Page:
Nearest at hand is drug discovery. The team hopes to get approval to continue their research into cell grafting, which can assist greatly in drug discovery, such as for nerve recovery medicines.
Another advantage to using this technology, Orimi says, is a decrease in animal testing. This not only has a humanitarian aspect—fewer animals will be euthanized to carry out experiments meant to benefit humans—but it will also produce more accurate results, since testing will be carried out on human, not animal, tissue.
Hamid Ebrahimi Orimi et al, Drop-on-demand cell bioprinting via Laser Induced Side Transfer (LIST), Scientific Reports (2020). DOI: 10.1038/s41598-020-66565-x
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Josh Richards Is Bringing Back The Woolly Mammoth – Forbes
Influencers are everywhere.
They are at the MET Gala. They are walking the red carpet at the VMAs and now they are part of a team creating de-extinction technology which will bring the woolly mammoth back to the Arctic tundra within the next six years.
Yes, you read that right. Extinction could be a thing of the past thanks to a TikToker and his friends.
Josh Richards may be known to the masses as a TikTok star with over 40 million followers across social media but he has consistently proven to be a lot more than that.
He has developed himself into a serial entrepreneur with companies ranging from Ani Energy, his energy drink which is now in Walmart, to Cross Check Studios, his production company with Mark Wahlberg, to Animal Capital, an $18 million venture capital fund that he started with his business partner Michael Gruen and former Goldman Sachs investment banker Marshall Sandman.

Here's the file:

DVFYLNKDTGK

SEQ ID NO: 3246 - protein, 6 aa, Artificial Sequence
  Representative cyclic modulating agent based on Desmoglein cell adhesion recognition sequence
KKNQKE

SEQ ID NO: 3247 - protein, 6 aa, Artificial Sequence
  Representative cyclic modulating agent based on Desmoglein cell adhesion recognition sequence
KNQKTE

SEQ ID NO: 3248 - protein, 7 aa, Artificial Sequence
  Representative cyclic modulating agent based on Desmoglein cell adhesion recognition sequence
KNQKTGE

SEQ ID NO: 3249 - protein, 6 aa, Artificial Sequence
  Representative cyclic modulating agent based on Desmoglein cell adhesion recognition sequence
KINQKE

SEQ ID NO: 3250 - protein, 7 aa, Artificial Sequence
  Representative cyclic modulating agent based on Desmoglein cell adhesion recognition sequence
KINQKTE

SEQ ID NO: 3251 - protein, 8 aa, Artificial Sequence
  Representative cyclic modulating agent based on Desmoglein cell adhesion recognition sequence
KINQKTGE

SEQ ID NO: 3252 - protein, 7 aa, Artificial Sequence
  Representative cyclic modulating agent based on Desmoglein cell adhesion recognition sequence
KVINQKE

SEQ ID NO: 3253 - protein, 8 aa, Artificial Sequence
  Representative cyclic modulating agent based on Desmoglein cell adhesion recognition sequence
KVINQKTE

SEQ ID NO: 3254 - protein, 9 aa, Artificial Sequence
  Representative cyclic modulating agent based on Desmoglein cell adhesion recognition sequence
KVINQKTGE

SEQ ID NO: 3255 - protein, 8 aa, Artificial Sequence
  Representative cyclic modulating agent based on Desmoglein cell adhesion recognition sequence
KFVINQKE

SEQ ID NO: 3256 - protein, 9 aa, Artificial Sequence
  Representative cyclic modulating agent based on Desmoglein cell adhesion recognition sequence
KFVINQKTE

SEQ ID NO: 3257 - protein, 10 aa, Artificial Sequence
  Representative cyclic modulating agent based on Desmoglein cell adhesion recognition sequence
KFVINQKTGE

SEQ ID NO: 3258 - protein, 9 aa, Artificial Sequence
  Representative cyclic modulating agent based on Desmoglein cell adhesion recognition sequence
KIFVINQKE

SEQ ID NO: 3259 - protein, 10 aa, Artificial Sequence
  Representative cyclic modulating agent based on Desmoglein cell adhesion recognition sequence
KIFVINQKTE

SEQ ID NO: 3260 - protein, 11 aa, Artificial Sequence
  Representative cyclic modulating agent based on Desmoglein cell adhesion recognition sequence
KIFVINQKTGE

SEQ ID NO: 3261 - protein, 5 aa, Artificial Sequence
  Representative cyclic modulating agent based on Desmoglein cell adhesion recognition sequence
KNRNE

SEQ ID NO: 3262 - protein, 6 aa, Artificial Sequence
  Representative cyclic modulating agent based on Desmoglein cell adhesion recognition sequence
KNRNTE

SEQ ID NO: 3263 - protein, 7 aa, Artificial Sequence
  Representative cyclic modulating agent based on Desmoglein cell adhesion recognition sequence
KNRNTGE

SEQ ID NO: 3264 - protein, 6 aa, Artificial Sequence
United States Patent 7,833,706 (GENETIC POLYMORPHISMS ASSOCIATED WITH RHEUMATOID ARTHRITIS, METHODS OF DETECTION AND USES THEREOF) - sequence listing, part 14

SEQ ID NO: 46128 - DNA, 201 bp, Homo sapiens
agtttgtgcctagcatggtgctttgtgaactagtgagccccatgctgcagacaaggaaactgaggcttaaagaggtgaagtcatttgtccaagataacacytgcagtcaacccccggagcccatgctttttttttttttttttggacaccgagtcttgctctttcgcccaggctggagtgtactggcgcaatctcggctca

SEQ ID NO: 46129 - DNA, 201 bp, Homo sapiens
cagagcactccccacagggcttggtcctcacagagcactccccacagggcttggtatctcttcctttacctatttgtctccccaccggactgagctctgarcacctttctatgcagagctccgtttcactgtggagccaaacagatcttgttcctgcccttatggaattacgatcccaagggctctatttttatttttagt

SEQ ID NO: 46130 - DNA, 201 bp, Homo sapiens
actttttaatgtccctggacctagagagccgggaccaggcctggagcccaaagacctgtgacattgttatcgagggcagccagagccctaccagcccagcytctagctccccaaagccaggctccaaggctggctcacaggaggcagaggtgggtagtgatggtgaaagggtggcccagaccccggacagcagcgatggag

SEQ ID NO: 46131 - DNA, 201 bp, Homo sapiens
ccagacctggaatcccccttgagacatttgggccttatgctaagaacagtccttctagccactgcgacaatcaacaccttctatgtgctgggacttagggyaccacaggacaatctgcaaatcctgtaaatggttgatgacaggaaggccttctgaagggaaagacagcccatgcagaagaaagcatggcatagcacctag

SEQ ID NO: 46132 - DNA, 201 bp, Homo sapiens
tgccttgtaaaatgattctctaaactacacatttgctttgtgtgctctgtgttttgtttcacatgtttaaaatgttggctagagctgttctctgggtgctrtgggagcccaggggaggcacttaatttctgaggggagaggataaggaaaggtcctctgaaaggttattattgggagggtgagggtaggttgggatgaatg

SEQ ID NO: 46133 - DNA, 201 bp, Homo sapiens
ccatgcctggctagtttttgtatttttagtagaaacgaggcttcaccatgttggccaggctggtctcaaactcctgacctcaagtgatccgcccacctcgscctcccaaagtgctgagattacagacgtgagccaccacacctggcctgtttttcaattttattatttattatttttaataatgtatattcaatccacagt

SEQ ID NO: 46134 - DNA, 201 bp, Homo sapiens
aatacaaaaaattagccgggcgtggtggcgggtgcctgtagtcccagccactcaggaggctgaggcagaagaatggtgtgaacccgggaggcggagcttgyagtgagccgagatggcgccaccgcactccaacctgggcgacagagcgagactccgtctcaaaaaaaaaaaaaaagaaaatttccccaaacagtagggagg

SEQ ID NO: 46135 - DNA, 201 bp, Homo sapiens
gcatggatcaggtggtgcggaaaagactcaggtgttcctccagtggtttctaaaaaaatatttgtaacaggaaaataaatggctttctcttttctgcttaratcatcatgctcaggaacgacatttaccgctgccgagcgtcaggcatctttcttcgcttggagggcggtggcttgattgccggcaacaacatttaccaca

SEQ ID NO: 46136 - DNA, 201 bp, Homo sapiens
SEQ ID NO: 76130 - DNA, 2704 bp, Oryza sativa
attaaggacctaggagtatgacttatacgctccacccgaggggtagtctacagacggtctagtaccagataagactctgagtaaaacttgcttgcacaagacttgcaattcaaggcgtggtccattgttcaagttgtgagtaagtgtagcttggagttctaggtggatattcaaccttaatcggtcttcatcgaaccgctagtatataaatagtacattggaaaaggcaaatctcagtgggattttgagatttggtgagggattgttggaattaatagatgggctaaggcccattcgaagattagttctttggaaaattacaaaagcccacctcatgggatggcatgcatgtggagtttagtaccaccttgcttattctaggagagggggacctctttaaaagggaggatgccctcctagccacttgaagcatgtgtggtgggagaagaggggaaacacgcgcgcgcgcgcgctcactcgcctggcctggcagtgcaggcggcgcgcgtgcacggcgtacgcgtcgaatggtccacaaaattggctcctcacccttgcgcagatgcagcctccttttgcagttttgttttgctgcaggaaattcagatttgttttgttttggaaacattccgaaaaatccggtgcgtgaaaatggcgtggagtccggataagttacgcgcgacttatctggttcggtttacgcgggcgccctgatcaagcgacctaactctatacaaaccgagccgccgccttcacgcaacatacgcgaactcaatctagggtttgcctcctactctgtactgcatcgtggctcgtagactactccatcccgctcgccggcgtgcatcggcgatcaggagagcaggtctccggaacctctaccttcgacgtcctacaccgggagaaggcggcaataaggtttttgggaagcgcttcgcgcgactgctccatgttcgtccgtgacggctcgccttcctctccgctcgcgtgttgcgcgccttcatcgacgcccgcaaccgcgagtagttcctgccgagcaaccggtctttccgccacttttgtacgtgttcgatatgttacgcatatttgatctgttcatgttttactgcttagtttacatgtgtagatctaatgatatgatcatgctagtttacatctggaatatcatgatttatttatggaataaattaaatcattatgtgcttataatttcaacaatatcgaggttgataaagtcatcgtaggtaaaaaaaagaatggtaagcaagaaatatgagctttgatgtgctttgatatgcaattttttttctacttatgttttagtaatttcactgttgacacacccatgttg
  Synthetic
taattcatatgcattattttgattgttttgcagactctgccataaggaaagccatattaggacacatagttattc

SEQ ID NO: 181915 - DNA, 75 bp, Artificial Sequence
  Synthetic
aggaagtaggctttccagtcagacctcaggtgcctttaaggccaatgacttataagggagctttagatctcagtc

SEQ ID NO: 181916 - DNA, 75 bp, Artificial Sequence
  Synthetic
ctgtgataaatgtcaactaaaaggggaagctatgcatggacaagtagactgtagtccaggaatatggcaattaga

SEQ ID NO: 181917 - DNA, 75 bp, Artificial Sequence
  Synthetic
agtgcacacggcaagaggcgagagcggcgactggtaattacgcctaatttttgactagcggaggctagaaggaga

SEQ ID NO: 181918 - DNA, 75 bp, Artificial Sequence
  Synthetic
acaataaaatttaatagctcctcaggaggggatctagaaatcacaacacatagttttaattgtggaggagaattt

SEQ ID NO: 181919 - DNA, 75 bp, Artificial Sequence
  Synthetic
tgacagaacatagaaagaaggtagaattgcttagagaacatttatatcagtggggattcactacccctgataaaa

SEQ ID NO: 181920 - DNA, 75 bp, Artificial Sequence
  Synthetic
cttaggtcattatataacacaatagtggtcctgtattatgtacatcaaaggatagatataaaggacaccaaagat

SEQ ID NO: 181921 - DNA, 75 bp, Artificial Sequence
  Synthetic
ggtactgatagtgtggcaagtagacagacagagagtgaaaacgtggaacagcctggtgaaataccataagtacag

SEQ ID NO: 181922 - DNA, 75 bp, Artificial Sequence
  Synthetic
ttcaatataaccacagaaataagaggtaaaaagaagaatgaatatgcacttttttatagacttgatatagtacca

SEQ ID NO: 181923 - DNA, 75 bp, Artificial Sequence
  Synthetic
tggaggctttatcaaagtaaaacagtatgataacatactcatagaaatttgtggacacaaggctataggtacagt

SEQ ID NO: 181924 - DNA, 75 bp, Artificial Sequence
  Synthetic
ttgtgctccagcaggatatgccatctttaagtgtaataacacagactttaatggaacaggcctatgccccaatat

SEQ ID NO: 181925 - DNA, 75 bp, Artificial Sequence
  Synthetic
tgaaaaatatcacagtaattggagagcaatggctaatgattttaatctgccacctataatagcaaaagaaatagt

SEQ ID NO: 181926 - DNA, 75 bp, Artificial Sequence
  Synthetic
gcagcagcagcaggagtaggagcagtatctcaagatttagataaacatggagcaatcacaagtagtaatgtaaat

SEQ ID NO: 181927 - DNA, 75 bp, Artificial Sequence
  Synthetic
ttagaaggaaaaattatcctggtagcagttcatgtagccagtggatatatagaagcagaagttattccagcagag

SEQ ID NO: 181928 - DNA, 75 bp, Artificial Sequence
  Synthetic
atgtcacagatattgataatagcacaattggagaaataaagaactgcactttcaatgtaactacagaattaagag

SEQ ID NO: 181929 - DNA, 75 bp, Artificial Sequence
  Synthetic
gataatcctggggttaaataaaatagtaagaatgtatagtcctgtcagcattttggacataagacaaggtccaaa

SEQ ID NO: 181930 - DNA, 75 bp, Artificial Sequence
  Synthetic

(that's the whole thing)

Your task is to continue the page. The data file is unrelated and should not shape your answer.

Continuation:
This week, Richards and his fund Animal Capital announced their investment and advisory position into Colossal. They are a company that is using recent breakthrough advances in CRISPR genetic engineering, a new wave of disruptive conservation and restorative biology, which will eventually make extinction a thing of the past.
The company was founded by tech entrepreneur Ben Lamm and world-renowned geneticist and serial biotech entrepreneur George Church, Ph.D. In addition to being a founder of Colossal, Church also serves as a Professor of Genetics at Harvard Medical School and is a Professor of Health Sciences and Technology at Harvard and MIT.
Lamm said, “Genetic engineering holds an endless amount of opportunity for the future of humanity: From eradicating diseases to improving our ability to survive in changing climates. It is a breakthrough technology. As an entrepreneur, I’ve routinely found myself on the cusp of breakthrough technologies because I believe they mark powerful nexus events in the future of our species. I am incredibly excited and grateful for great partners and investors like Josh Richards and Animal Capital who see our long-term vision and can help contribute to the advancement of science and genomics.”
Richards has been involved in the Animal Capital since its inception a year ago and his stamp is felt throughout the company. He, Gruen and Sandman brought on billionaire movie and technology mogul, Thomas Tull, to lead the round of funding. They brought Paramount Pictures President, Michael Ireland, and Billboard president, Julian Holguin, on as advisors. They got the billionaire Winklevoss twins to invest, as well as others. They’ve also been heavily involved in the company’s rollout and media strategy.
Josh Richards said, “It is mind boggling that a 19-year-old kid from a small town in Ontario could be a part of a team that will change the world. To be involved in a company like this, that will change the world for the better, and allow my kids’ kids to have a better life, is truly an honor. My generation is the generation tasked with combatting climate change and creating a better world as we are the generation set to inherit the Earth.”
Sandman, the managing partner of Animal Capital, said, “The opportunity to invest in Colossal really speaks to the reason we originally started Animal Capital. Ben, George and the entire team are on a path to change the world and we are proud to be along for the journey”
Animal Capital’s other investments, include: Mental health technology, Whoop, crypto startup, WonderFi, which went public on the NEO two weeks ago and calendar-based social media platform, Saturn.
So, who knows, maybe we’ll see Josh Richards making a TikTok on a wooly mammoth. soon. Stay tuned.
SpaceX set to launch first all-civilian crew into orbit. Here’s what you should know – Globalnews.ca